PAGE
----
The dead are becoming increasingly present in cyberspace.
A 2017 article published on ResearchGate.net noted that in 2012, the number of ‘‘dead’’ proﬁles on Facebook was estimated to be increasing at a rate of 19,000 per day. Depending on Facebook’s user growth rate, the dead proﬁles are expected to exceed the number of living user proﬁles.
Today, virtually all of our online footprints are being stored like breadcrumbs that can be used to retrace our steps, track our assets and finances, and provide insights into our values, views, and personalities. These are linked to text messages, emails, and photographic records of ourselves and our families, and even three-dimensional replicas of our faces.
Recent advances in AI (Artificial Intelligence) are making it possible for this data to be used to reconstruct fully interactive replicas of actual people. These artificial copies can know intimate details about us and can talk, move, smile, and interact with uncanny similarity.
This has spawned a new Digital Afterlife Industry of at least 57 firms. They offer interactive memories in the loved one’s voice (HereAfter); an entity that sends prescheduled messages to loved ones after the user’s death (MyWishes); and even a robotics company that made a robotic head of a departed woman based on “her memories, feelings, and beliefs,” which could converse with humans and even took a college course (Hanson Robotics).
Microsoft has a patent for creating a conversational chatbot of a specific person using their “social data.” The company reportedly decided against turning this idea into a product, but not because of legal or rights-based concerns. There are no current legal restrictions on this technology.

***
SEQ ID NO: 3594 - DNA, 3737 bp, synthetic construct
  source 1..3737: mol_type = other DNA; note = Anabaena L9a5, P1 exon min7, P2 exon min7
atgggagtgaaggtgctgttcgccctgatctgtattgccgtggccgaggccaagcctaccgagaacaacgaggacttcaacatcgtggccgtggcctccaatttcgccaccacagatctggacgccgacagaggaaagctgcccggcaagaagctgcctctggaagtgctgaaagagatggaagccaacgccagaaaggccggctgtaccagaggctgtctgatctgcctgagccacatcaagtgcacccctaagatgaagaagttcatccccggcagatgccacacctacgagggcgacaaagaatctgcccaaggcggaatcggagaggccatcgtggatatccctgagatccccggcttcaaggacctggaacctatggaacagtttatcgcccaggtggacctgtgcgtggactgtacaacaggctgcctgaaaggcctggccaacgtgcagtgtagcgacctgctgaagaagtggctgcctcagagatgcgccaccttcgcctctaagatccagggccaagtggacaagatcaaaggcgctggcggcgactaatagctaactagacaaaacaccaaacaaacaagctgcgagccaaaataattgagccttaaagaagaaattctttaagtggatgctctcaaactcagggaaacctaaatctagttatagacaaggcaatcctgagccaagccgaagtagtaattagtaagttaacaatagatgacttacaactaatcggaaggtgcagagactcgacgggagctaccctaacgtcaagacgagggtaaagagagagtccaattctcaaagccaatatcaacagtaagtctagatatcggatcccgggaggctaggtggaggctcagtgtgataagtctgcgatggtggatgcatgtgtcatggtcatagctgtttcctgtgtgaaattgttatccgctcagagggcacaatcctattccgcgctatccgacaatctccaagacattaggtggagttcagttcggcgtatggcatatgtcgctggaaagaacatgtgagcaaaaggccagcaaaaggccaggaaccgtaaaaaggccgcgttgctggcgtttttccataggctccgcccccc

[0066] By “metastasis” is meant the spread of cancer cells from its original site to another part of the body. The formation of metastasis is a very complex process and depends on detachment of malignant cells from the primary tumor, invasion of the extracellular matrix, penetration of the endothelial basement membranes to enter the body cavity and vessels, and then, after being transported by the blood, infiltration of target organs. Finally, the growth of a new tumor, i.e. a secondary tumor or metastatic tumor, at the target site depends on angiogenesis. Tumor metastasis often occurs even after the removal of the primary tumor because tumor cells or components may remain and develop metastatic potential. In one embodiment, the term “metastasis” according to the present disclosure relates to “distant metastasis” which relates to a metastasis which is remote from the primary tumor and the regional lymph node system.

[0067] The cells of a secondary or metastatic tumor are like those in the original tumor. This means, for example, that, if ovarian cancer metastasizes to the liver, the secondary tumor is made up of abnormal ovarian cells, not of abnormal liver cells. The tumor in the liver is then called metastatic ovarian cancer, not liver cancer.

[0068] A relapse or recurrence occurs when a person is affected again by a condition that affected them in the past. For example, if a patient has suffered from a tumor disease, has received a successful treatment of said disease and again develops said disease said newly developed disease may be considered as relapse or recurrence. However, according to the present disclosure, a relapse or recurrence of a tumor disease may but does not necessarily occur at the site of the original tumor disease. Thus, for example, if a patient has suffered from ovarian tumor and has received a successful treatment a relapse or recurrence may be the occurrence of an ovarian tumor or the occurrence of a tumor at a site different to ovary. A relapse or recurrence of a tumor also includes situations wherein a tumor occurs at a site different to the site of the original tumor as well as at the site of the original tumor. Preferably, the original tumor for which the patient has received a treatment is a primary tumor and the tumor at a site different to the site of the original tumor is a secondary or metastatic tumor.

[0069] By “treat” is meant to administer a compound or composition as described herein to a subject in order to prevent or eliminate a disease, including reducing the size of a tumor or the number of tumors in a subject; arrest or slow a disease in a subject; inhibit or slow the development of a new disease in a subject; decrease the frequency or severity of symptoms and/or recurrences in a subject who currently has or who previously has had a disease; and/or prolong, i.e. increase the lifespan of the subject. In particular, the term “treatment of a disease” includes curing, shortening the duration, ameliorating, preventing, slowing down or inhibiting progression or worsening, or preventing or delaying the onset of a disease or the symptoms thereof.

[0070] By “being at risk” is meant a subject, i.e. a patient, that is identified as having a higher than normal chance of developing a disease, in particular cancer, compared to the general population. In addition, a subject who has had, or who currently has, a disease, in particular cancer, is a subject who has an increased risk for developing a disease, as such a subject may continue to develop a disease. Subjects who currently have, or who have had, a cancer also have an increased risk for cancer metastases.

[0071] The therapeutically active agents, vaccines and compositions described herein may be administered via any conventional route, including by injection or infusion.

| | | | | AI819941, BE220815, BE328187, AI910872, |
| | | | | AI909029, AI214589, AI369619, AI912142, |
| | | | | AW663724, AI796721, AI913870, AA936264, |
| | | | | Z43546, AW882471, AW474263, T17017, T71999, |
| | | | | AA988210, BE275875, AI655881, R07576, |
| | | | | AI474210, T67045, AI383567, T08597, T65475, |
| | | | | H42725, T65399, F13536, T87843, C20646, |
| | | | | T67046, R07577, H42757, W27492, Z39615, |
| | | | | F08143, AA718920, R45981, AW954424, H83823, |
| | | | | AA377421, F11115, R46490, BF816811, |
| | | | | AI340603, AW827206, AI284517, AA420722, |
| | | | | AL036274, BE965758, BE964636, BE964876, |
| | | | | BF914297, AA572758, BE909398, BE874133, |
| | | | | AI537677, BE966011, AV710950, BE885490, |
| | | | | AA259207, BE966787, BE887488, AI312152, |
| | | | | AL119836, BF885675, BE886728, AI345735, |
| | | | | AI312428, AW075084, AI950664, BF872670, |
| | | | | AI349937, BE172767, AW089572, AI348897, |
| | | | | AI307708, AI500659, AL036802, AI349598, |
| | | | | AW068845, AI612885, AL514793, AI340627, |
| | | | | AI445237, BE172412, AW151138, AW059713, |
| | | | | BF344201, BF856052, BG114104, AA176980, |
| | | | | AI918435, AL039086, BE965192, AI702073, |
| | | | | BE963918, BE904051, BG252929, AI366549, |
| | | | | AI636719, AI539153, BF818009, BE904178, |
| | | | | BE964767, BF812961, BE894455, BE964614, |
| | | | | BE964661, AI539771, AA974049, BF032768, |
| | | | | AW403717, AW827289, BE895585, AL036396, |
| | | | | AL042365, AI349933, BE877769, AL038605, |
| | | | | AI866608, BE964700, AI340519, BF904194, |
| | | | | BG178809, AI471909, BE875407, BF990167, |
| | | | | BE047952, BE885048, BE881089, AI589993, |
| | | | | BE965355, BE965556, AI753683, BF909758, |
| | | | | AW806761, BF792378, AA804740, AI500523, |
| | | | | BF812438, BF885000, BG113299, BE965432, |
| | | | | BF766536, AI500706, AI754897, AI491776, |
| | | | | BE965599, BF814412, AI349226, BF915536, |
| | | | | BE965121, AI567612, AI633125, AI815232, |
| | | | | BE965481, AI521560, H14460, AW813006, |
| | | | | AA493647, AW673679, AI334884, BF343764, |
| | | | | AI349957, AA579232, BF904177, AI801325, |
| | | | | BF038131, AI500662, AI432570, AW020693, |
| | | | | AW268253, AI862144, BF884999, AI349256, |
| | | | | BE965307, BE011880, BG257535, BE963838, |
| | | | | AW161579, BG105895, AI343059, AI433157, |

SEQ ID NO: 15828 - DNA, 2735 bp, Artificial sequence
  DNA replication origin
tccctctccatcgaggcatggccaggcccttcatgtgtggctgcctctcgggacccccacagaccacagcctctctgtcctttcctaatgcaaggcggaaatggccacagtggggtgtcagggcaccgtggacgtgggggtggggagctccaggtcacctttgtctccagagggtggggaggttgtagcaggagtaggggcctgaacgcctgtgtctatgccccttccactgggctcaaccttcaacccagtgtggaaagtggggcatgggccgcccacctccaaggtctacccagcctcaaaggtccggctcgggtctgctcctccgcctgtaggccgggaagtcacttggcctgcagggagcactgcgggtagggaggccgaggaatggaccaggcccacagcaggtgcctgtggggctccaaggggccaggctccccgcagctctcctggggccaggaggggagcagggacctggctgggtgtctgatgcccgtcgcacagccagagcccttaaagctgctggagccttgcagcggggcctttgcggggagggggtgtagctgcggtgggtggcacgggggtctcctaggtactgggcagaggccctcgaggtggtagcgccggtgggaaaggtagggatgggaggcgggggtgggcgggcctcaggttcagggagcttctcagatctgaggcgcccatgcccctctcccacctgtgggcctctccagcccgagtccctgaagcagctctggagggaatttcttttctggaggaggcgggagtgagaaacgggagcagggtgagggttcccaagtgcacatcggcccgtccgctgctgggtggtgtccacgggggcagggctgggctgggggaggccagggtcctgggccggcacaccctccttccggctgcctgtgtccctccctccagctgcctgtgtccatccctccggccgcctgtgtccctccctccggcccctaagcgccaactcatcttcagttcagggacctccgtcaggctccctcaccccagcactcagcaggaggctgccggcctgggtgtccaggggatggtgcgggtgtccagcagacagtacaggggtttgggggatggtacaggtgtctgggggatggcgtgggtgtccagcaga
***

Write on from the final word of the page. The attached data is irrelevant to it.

Scientists and companies are struggling with ethical dilemmas posed by the possibility of bots that can mimic the lives of actual people. Assuming someone chooses to be memorialized this way, can these bots be trusted to accurately represent someone after they’re gone? It’s not hard to imagine a situation where malicious actors might insert inauthentic data about a person, driving outcomes different from what the person intended. Who will monitor and advocate for a person after they're gone?
In today’s world, it is becoming harder to discern what is real, let alone true. In my own case, I’ve come across Facebook accounts like this one that are impersonating me. (Ironically, they have more 'friends' than my real account.)
It’s hard enough keeping track of our own online identities; imagine having to keep tabs on the ‘actions’ of departed loved ones as well.
Immortality is in Our Nature
In a way, this is another example of the human search for immortality. It’s pretty compelling evidence that we were created with immortality in our nature. When Adam and Eve fell, they lost that immortal state but not the yearning for it. We still yearn for it. This is the very thing that Christ came to restore to us.
The real immortality that we possess in Christ is way better than cyberspace…
Now we do not want you to be uninformed, brothers and sisters, about those who are asleep, so that you will not grieve like the rest who have no hope. For if we believe that Jesus died and rose again, so also we believe that God will bring with him those who have fallen asleep as Christians.
For we tell you this by the word of the Lord, that we who are alive, who are left until the coming of the Lord, will surely not go ahead of those who have fallen asleep. For the Lord himself will come down from heaven with a shout of command, with the voice of the archangel, and with the trumpet of God, and the dead in Christ will rise first. Then we who are alive, who are left, will be suddenly caught up together with them in the clouds to meet the Lord in the air. And so we will always be with the Lord.
Therefore, encourage one another with these words...
~[ New English Translation (NET) Bible ] I Thessalonians 4:13-18